Nina Garsoïan

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Nina Garsoïan

Nina Garsoïan.png
Born(1923-04-11)April 11, 1923
DiedAugust 14, 2022(2022-08-14) (aged 99)
Alma mater
Scientific career
FieldsArmenian history, Byzantine history
Institutions
Dean of
Princeton University Graduate School
In office
1977–1979
Preceded byAlvin Kernan
Succeeded byTheodore Ziolkowski

Nina G. Garsoïan FBA (April 11, 1923 – August 14, 2022) was a French-born American historian specializing in Armenian and Byzantine history.[1][2][3] In 1969 she became the first female historian to get tenure at Columbia University and, subsequently, became the first holder of Gevork M. Avedissian Chair in Armenian History and Civilization at Columbia.[4] From 1977 to 1979, she served as dean of the Graduate School of Princeton University.[5][6][7]

Biography[edit]

Nina G. Garsoïan was born in Paris on April 11, 1923,[8] to Armenian parents from Nakhichevan-on-Don (Rostov-on-Don) and Tbilisi. She moved to New York in 1933. She received a Bachelor of Arts in classical archaeology from Bryn Mawr College in 1943 and both Master of Arts degree and PhD from Columbia University in Byzantine, Near Eastern, and Armenian history.[9] She received Fulbright Fellowship to study at the Mekhitarist monastery of San Lazzaro degli Armeni on San Lazzaro Island in Venice.[6]

Garsoïan began teaching at Smith College in 1956[6] and Columbia in 1962.[4] In 1969 she became the first female professor to receive tenure at Columbia's Department of History.[4] Garsoïan became the first female dean of the Princeton University Graduate School when she was appointed to the position in 1977.[10] She served in that position until 1979.[5][6]

In 1979, she became the first holder of Gevork M. Avedissian Chair in Armenian History and Civilization at Columbia University.[9] She retired in 1993 and was subsequently professor emerita of Armenian History and Civilization.[4]

Garsoïan was the director of the Paris-based Revue des Études Arméniennes and a Fellow of the Medieval Academy of America and a Corresponding Fellow of the British Academy.[9][11] She participated in a Byzantine Studies Symposium at Dumbarton Oaks, twice serving as a co-director.[6]

Garsoïan died on August 14, 2022, at the age of 99.[12][13]

Publications[edit]

Garsoïan published numerous books and journal and encyclopedia articles on Armenian, Byzantine, and Sasanian history.[9] In her publications she emphasized the Iranian/Persian influence on Armenian history.[4][9]

Books
  • The Paulician Heresy. Mouton, 1968.
  • Armenia between Byzantium and the Sasanians. Variorum Publishing. 1985.
  • L'Église arménienne et le grand schisme d'Orient. Peeters Publishers. 1999.
  • Church and Culture in Early Medieval Armenia. Ashgate, 1999.
  • De Vita Sua. Mazda Publishers, 2011. (memoir)[6][4]
Articles
  • "Byzantine Heresy. A Reinterpretation." Dumbarton Oaks Papers 25 (1971): 85–113.
  • "Secular jurisdiction over the Armenian church (fourth-seventh centuries)." Harvard Ukrainian Studies 7 (1983): 220–250.
  • "Byzantium and the Sasanians." Cambridge History of Iran 3.1 (1983): 568–592.
  • "The problem of Armenian integration into the Byzantine empire." Studies on the internal diaspora of the Byzantine Empire (1998): 53–124.
Translations

References[edit]

  1. ^ Yuzbashian, Karen (1968). "Nina G. Garsoian. The Paulician Heresy. A Study of the Origine and Development of Paulicianism in Armenia and the Eastern Provinces of the Byzantine Empire. The Hague-Paris, 1967, 293 էջ+1 քարտեզ։ Նինա Գ. Գարսոյան. Պավլիկյան աղանդը. Ուսումնասիրություն նվիրված Հայաստանում և Բյուզանդական կայսրության արևելյան գավառներում պավլիկյան շարժման ծագմանն ու զարգացմանը". Patma-Banasirakan Handes (in Armenian) (4): 243–248.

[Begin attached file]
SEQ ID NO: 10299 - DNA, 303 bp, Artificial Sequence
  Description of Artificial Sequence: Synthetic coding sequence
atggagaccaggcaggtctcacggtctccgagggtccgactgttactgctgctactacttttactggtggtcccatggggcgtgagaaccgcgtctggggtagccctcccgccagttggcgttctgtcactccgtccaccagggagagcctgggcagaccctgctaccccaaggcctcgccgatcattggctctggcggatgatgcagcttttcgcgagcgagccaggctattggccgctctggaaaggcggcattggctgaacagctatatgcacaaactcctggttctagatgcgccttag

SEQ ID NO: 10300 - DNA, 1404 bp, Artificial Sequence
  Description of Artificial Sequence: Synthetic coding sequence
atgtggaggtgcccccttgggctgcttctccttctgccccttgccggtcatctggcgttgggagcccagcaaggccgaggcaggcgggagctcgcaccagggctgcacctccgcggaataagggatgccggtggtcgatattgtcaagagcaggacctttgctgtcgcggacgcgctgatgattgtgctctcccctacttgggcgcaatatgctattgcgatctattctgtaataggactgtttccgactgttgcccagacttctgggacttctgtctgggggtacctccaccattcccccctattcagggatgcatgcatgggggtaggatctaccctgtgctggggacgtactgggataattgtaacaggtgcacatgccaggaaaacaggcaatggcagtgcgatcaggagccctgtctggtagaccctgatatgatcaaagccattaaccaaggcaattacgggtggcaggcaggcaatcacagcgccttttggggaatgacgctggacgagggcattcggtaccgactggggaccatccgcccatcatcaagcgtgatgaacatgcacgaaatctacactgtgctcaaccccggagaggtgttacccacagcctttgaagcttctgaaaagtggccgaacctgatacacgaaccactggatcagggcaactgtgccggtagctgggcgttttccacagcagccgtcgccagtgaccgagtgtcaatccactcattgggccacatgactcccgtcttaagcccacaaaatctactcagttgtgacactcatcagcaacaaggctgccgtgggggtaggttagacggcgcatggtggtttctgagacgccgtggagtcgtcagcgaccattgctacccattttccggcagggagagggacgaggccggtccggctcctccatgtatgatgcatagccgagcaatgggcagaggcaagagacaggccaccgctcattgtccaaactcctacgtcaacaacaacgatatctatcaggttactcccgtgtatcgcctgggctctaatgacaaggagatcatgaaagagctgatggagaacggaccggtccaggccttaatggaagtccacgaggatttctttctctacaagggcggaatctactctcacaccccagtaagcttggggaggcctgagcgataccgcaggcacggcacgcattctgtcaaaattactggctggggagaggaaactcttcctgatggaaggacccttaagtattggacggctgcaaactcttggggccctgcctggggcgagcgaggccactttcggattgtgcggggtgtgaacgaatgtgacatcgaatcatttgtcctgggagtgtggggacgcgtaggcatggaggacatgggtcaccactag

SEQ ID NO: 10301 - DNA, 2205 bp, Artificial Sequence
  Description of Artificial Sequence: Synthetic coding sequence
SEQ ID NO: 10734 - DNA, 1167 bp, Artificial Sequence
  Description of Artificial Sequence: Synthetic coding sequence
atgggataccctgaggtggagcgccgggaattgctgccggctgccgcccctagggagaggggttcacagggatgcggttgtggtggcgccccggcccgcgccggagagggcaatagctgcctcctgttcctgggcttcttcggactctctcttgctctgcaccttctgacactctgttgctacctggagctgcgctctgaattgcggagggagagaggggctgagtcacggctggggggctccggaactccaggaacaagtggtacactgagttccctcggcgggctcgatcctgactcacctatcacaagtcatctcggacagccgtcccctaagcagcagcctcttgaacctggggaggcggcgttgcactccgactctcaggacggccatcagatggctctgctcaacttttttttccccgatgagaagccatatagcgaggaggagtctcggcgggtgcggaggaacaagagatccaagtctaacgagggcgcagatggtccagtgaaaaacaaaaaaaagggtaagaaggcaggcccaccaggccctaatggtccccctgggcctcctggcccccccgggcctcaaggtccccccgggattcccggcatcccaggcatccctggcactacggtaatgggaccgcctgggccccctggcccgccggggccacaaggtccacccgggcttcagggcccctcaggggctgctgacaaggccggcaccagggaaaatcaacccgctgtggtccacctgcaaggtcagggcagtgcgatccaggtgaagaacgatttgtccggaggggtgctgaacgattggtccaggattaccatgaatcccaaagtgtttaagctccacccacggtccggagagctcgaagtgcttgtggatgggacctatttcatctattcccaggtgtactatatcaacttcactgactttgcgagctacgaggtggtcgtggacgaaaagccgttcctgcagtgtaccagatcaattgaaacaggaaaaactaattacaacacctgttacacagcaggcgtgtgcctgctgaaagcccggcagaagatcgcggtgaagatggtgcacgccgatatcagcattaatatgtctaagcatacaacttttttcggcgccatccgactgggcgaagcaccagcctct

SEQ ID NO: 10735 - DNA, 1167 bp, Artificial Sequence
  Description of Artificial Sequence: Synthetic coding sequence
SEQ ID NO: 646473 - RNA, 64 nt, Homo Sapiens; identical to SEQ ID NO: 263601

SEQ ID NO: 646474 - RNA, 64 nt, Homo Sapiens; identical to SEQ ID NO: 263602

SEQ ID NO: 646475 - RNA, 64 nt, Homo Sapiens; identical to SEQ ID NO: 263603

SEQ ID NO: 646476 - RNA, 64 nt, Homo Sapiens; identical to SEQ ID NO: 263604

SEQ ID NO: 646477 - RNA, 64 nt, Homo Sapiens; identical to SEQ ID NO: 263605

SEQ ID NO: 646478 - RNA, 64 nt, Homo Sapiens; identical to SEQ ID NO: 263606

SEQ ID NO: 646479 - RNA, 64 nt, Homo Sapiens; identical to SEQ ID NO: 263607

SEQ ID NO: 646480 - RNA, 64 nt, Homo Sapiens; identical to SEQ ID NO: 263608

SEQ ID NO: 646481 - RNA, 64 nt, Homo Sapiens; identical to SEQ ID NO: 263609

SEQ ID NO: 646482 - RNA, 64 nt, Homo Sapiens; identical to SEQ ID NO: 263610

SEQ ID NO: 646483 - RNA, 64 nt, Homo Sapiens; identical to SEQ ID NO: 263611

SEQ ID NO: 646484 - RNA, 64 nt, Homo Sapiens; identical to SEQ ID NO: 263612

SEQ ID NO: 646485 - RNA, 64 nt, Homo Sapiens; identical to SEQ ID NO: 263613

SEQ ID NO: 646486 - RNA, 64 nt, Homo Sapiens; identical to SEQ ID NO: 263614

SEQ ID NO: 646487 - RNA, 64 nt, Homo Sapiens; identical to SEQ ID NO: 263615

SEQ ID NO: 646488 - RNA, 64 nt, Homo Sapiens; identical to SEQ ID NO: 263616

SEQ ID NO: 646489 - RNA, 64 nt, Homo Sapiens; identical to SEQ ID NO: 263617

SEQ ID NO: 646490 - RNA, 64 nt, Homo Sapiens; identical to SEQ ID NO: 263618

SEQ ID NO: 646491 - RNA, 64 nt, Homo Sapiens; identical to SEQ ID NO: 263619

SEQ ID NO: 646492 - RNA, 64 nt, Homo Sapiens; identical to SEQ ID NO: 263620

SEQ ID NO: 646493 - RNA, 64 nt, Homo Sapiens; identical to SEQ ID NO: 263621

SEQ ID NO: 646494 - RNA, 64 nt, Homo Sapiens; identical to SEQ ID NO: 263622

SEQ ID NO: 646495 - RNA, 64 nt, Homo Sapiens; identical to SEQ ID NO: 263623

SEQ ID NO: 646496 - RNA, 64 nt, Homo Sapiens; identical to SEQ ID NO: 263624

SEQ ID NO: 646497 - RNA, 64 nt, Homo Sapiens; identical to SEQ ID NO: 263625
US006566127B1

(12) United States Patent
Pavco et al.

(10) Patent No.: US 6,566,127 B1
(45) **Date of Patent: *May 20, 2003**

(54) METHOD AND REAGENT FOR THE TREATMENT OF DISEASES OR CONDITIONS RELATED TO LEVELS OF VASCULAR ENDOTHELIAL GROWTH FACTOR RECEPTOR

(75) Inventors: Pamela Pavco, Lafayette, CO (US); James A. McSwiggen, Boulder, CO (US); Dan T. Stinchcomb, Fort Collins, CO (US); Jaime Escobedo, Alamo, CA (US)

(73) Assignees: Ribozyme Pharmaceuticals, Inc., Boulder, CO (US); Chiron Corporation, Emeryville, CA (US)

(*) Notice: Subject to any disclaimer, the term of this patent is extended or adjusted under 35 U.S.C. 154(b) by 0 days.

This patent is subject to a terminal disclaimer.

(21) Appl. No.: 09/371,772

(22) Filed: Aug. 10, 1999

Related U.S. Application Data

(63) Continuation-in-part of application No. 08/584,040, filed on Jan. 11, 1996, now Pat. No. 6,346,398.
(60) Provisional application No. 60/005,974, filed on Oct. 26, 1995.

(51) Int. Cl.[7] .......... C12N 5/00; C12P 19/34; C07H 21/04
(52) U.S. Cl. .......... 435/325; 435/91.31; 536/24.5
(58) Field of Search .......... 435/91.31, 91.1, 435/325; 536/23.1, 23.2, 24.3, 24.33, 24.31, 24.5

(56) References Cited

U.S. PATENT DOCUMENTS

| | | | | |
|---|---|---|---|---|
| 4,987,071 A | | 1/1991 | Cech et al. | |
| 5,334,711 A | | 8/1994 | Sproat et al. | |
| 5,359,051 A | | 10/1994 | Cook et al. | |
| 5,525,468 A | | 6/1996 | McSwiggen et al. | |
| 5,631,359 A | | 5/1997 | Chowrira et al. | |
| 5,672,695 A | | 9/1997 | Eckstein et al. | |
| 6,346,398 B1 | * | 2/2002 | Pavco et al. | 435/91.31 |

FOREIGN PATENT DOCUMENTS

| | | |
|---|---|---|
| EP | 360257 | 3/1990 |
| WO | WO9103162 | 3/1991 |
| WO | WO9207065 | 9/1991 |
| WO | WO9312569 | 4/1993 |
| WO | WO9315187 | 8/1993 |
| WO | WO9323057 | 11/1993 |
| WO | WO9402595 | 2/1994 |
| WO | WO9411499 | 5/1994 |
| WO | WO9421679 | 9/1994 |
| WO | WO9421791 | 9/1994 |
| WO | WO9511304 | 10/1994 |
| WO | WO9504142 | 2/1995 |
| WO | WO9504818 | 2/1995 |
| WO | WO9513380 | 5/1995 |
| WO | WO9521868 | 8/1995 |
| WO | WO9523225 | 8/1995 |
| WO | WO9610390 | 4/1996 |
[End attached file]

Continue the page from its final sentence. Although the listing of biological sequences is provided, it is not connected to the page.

2. ^ Zekiyan, Levon (2016). "Նինա Գարսոյեանի "Հայոց Եկեղեցին եւ Արեւելքի մեծ բաժանումը" մենագրութիւնը". Etchmiadzin (in Armenian). Mother See of Holy Etchmiadzin. 73 (2): 127–139. ISSN 1829-4243.
  3. ^ Nersessian, Vrej (1987). "Nina G. Garsoian : Armenia between Byzantium and the Sasanians. (Collected studies.) viii, 332 pp. London: Variorum Reprints, 1985 32". Bulletin of the School of Oriental and African Studies. 50 (2): 430. doi:10.1017/S0041977X00049880. S2CID 162612413.
  4. ^ a b c d e f "1962". history.columbia.edu. November 13, 2017. Archived from the original on May 14, 2021.
  5. ^ a b "Nina Garsoian, Professor of Near Eastern Studies and History; Dean of the Graduate School 1977–1979". artmuseum.princeton.edu. Archived from the original on May 14, 2021.
  6. ^ a b c d e f McKee, Gabriel (March 16, 2016). "ISAW LIBRARY RECEIVES COLLECTION OF NINA G. GARSOÏAN". isaw.nyu.edu. Institute for the Study of the Ancient World, New York University. Archived from the original on May 14, 2021.
  7. ^ "History". Princeton University Graduate School. Archived from the original on June 27, 2021.
  8. ^ Avdoyan, Levon (2005). ""Magistra Studentorum per Armeniam et Byzantium"". In Chance, Jane (ed.). Women Medievalists and the Academy. University of Wisconsin Press. ISBN 9780299207502.
  9. ^ a b c d e "De Vita Sua". Mazda Publishers. Archived from the original on May 14, 2021.
  10. ^ "Coeducation: History of Women at Princeton University". libguides.princeton.edu. Archived from the original on August 12, 2021.
  11. ^ "Professor Nina Garsoïan FBA". thebritishacademy.ac.uk. British Academy. Archived from the original on May 14, 2021.
  12. ^ Der Matossian, Bedross (August 15, 2022). "The Society for Armenian Studies is sorry to bear the sad news of the passing of the preeminent Armenian Studies scholar, Prof. Nina Garsoïan". Society for Armenian Studies. Archived from the original on August 16, 2022.
  13. ^ "Eminent Armenologist Nina Garsoïan Passes Away". The Armenian Mirror Spectator. August 16, 2022. Retrieved August 16, 2022.